In metastatic stage settings, the appearance of T790M mutation after resistance to initial EGFR-TKI treatment (acquired T790M) has been reported to be associated with a good prognosis in the patients with EGFR-mutated NSCLC [35, 36]. On the other hand, positivity or high-abundance of preT790M has been demonstrated to be associated with poor efficacy of initial EGFR-TKI treatment or a poor prognosis [8–10, 12, 13, 16–19]. In the same way, the present study demonstrated that high-abundance of preT790M was correlated with poor RFS and OS in patients with early-stage NSCLC who had undergone surgical resection. These results suggest that clinical features are likely to be different between preT790M and acquired T790M . A basic research study found that the acquisition of T790M was associated with a slowdown in tumor growth, which might underlie the good prognosis of EGFR-mutated NSCLC with acquired T790M . However, the reason why patients with EGFR-mutated NSCLC harboring preT790M appear to have a poor prognosis has not yet been elucidated, even though the tumor harbors a low-level amount of T790M clones and has undergone surgical resection. This is a subject for future investigation.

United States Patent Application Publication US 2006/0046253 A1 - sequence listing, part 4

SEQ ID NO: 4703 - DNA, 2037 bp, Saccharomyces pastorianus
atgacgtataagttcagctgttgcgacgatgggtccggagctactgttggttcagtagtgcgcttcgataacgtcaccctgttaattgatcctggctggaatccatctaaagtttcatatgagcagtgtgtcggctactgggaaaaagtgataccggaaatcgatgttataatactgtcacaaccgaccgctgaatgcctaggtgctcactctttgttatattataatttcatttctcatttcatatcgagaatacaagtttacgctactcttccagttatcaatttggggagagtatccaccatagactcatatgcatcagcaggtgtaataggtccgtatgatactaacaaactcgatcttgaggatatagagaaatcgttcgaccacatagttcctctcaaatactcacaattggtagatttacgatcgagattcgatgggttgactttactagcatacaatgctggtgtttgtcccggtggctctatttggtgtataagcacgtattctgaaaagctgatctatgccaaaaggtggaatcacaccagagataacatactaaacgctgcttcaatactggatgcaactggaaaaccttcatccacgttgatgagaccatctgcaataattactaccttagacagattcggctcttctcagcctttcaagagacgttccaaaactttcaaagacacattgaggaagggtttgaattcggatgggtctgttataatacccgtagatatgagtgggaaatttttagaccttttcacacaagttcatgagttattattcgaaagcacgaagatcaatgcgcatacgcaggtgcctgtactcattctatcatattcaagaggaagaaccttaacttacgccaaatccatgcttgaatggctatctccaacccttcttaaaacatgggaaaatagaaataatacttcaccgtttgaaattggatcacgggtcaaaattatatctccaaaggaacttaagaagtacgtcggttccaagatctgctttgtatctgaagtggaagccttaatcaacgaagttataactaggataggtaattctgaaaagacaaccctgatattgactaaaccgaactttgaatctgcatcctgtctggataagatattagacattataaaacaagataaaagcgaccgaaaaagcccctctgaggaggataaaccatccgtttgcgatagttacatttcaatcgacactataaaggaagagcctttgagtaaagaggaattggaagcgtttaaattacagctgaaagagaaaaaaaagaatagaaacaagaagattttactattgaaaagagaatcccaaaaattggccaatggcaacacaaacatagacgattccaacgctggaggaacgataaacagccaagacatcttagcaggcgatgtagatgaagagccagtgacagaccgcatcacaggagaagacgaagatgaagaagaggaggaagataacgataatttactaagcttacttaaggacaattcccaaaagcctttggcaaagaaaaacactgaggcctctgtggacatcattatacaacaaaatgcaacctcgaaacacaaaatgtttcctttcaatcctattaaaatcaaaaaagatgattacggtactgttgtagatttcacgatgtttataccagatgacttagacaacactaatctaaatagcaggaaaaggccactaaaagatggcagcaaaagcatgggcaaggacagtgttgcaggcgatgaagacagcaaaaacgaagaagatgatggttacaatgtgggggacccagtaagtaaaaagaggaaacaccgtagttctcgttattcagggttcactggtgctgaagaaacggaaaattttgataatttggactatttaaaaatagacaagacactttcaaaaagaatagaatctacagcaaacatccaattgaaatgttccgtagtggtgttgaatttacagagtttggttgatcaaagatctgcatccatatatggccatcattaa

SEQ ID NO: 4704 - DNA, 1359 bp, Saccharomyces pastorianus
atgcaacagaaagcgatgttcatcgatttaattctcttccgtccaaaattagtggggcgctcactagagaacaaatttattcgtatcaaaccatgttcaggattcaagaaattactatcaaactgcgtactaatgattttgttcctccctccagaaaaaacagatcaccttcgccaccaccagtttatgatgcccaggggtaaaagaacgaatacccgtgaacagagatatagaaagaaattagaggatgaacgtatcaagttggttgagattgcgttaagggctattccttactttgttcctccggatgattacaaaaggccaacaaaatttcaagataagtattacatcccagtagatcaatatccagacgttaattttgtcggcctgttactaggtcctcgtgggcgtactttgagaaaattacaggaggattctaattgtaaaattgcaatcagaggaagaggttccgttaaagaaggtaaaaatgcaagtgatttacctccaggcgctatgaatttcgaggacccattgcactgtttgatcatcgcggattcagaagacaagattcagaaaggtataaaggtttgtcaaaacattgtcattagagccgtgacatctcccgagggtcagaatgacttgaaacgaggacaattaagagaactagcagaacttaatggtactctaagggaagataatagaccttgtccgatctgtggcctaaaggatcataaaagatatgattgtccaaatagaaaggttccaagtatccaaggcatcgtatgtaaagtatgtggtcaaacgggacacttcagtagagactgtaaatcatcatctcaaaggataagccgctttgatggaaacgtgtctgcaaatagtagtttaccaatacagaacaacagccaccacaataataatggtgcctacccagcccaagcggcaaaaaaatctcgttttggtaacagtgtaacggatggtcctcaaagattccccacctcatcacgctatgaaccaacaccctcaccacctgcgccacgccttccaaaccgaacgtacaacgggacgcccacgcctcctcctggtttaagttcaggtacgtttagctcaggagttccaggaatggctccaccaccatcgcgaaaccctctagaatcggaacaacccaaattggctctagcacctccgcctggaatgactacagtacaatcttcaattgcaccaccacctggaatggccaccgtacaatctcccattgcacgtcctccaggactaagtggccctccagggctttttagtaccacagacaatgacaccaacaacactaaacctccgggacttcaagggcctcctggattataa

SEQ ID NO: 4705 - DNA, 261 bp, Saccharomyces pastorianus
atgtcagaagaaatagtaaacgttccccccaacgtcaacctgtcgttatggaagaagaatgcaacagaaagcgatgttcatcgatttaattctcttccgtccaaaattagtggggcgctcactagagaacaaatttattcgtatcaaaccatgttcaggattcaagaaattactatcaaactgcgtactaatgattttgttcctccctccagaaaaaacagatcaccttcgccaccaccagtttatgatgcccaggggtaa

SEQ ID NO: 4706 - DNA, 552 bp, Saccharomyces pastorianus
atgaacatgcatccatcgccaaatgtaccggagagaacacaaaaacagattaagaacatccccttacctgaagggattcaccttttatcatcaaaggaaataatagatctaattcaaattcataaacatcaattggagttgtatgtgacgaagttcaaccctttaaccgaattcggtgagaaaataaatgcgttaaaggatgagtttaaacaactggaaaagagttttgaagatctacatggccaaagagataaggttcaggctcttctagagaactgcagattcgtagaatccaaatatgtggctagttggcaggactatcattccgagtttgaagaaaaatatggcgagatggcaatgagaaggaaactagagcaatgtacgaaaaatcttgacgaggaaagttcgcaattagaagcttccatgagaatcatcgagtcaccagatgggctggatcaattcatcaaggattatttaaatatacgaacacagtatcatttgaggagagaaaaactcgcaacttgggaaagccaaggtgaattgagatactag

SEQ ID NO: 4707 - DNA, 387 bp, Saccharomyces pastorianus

Postoperative adjuvant chemotherapy is recommended for patients with completely resected stage II-IIIA and a subset of stage I NSCLC according to the results from large, randomized trials and meta-analyses that have demonstrated a significant OS benefit [38, 39]. However, whether driver mutation-positive patients with resected stage NSCLC also benefit from adjuvant chemotherapy had not been accurately clarified. In particular, for patients with resected NSCLC harboring EGFR mutations, given the role of EGFR-TKIs in advanced EGFR-mutant NSCLC, many clinical trials have been conducted to investigate the efficacy of EGFR-TKIs in the adjuvant setting [40–45]. Most trials demonstrated that adjuvant treatment using first-generation EGFR-TKIs can decrease the risk of recurrence and prolong DFS compared to placebo or chemotherapy, but these DFS advantages did not always translate to OS [46, 47]. A meta-analysis that evaluated the role of EGFR-TKIs as an adjuvant therapy for patients with completely resected EGFR-mutated NSCLC demonstrated that, compared to mono chemotherapy, early-generation EGFR-TKI monotherapy had a superior DFS benefit, but did not show a significant OS benefit, whereas treatment with EGFR-TKIs plus chemotherapy was associated with significantly longer DFS and OS compared to mono chemotherapy . Therefore, these data suggested that it was necessary for the prolongation of DFS and OS in patients with resected EGFR-mutated NSCLC not only to add EGFR-TKIs as adjuvant treatment, but also to perform standard adjuvant chemotherapy as much as possible. On multivariate analysis in the current study, it was observed that OS in the patients who received adjuvant chemotherapy tended to be better than in those who did not receive adjuvant chemotherapy.